For the last 5 days I’ve been in Banff (Canada) at the nextMEDIA festival – an event for “New Media” practitioners and those would would like to be.

This event very deliberately intersects with the beginning of the Banff TV Festival, one of the world’s largest television festivals, where producers get together with distributors and strike deals,

Almost everybody I spoke to was very generous with their time and experience, and it’s been exciting to be here.

However, last night I had a fascinating run-in with two representatives of a major US cable TV provider. We were getting along famously, chatting about the various people they know and introductions we should make. And then I said one stupid thing and everything came to a screeching halt.

I had already mentioned that I’m making content for the online world, and that this content would be free to download. “How are you going to get an audience?” they asked. “Oh, well I’m just going to SEO the thing, talk to various communities that may form the audience for it. It won’t cost much to make so even a moderate but highly engaged audience would be fine.”

them: “Oh, really.”

me: “Yeah.”

them: “So, you don’t watch TV?”

me: “Not really, I mostly get my entertainment from gaming or the Internet. And some DVDs”

them: “Oh, DVDs are dying! Forget about it! And as for the Internet, ha! There’s no revenue model.”

me: “Doesn’t matter. Internet will replace most TV, eventually. It kind-of has to. It does everything that TV does but better.”

At this point, I realised I’d stepped in it completely. I tried to back track but couldn’t.

them: “So how long do you think TV has left?”

I could have said 20 years. I could have said “Oh, it’ll be around forever in some form or other” (which is my actual opinion, and would have sufficed perfectly). I could even have said “TV will win, the Internet sucks, there will be bandwidth gridlock”.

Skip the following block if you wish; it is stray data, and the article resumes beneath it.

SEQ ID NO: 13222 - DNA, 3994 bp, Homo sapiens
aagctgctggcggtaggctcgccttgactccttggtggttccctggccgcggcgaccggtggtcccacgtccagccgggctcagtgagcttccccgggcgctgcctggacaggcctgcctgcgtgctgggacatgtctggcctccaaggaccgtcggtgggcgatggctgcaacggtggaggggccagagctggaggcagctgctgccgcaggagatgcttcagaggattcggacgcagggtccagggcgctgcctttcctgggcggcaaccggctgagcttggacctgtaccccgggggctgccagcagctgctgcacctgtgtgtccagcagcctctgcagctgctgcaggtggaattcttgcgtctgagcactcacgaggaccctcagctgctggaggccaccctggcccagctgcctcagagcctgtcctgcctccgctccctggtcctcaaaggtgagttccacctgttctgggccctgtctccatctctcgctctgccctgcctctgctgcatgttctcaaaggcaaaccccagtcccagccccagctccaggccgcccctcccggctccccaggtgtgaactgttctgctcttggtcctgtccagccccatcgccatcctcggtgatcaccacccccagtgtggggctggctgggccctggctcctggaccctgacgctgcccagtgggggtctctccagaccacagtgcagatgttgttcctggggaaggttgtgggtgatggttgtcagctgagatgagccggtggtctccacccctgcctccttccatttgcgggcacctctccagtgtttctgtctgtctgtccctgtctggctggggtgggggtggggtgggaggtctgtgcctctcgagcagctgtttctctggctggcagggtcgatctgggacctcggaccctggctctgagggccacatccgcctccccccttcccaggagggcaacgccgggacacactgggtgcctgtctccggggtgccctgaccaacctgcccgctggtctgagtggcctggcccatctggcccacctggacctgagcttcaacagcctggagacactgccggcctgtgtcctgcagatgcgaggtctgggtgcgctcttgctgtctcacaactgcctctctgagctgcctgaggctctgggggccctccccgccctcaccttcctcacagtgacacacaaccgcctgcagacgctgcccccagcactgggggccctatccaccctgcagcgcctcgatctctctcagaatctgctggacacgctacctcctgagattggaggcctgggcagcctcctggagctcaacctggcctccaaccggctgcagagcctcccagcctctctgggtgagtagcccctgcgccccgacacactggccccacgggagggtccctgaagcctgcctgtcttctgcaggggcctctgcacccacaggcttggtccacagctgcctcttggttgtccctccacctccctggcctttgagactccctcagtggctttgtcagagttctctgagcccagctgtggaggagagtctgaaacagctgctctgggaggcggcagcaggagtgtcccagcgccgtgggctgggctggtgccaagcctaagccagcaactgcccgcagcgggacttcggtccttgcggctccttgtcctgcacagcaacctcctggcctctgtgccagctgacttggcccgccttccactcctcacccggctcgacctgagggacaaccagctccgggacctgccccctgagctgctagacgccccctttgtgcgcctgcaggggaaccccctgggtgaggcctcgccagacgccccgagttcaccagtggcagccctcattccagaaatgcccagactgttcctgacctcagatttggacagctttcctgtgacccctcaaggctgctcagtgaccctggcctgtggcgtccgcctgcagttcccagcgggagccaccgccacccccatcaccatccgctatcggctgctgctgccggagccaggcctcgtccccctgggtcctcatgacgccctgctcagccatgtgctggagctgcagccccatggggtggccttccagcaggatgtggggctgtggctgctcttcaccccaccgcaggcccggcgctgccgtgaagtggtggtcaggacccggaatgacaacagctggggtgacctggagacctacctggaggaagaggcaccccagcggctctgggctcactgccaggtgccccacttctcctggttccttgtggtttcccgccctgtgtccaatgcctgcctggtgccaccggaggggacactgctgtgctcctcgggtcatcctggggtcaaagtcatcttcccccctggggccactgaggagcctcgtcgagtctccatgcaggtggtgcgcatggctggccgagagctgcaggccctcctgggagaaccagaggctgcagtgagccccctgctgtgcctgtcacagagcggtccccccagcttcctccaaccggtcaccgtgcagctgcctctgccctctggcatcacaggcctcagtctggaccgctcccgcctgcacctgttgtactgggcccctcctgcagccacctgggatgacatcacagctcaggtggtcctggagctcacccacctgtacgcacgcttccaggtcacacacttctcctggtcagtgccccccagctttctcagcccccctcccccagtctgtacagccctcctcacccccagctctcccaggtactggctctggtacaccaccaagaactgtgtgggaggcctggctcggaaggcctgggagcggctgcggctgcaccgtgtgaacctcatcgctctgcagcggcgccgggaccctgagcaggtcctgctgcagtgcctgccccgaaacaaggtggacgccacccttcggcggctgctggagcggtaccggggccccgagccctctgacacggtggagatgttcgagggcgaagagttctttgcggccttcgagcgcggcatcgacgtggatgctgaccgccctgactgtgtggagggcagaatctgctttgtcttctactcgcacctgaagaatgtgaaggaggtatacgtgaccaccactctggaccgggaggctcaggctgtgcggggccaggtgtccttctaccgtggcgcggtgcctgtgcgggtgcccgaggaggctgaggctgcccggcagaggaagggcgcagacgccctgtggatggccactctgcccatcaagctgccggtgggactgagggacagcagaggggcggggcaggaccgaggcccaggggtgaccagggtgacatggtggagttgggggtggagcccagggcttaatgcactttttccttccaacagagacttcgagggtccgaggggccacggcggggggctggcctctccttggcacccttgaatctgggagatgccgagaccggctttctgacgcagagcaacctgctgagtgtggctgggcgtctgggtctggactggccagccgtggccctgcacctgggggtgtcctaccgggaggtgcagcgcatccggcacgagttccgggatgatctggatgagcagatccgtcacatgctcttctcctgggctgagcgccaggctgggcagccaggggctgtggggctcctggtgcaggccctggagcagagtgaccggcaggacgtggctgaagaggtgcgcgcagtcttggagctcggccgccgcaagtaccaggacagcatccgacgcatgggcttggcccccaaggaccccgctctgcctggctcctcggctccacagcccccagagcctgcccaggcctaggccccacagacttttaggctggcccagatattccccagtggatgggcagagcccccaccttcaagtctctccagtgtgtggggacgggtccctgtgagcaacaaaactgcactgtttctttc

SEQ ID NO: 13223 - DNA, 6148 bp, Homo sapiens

But no. I said:

“Oh, I give it five years”.


Now before my eyes they danced through every excuse the TV industry makes for its own relevance and unique benefits. I did my best to keep up but I realised quickly it was a lost cause.

“You’re the fringe, you’re an outlier, you don’t count!”

(well, I can only speak from anecdotal evidence as I don’t run a cable company, but literally none of my friends watch television – they play games and download stuff from the internet. And eventually this generation will grow up and become mainstream consumers.)

“People WANT to sit on their couches and watch TV – most people don’t want choice, they want to be fat, stupid and happy”

(putting aside how condescending and unrealistic this is, and the fact that until now people have had few other entertainment options, there’s no reason why an internet-connected device can’t provide this kind of experience)

“Do you have kids? You won’t get it until you have kids. Then you’ll watch a whole lot of TV.”

(This struck me as bizarre, frankly. if I have kids I’ll probably watch even less TV than I do now – because I’ll be interacting with my family. My own family barely watched TV growing up, maybe half an hour a day. I spent most of my time drawing, painting, riding my bike, playing soccer or programming my Commodore 64. My parents spent their time fixing the house, shopping, playing music or sports. There’s nothing about having a family that requires you to watch TV instead of use the Internet or do anything else.)

“The cable industry pours $22 billion per year into making content. Where is that money going to come from now? Who is going to pay for that?”

(well, maybe the money won’t come from anywhere and those people will be out of work, which sucks but it’s happened before. But I suspect consumers will be happy to pay just as much to be entertained, it just won’t get taxed by distribution agents like cable companies. Which means even more great content than before!)

“You can’t make cheap content – what about the Unions? It costs $2 million per episode to make {X}”

(well, I’m sorry but you’re still competing with local theater companies, kids on YouTube, parents filming local sports. The quality of these might suck right now, but they have improved dramatically and will continue to do so. These people aren’t members of the union. They’re just making great content their friends will care about. And hey, hopefully they’ll get paid if it’s good enough too!)

And so on and so on. Argument, counter-argument. But the fact is, they now simply hated me.

An ironic aspect to all of this is that I really really want to help content creators keep getting paid well for making great content. And I want to create Internet alternatives to cable and terrestrial broadcast that enable those experiences to transition as painlessly as possible to the online world.

Yes, I’m naive. In fact, I’m happy to be wrong. I just wish I could have these debates without people exploding. I’m not here to destroy your industry!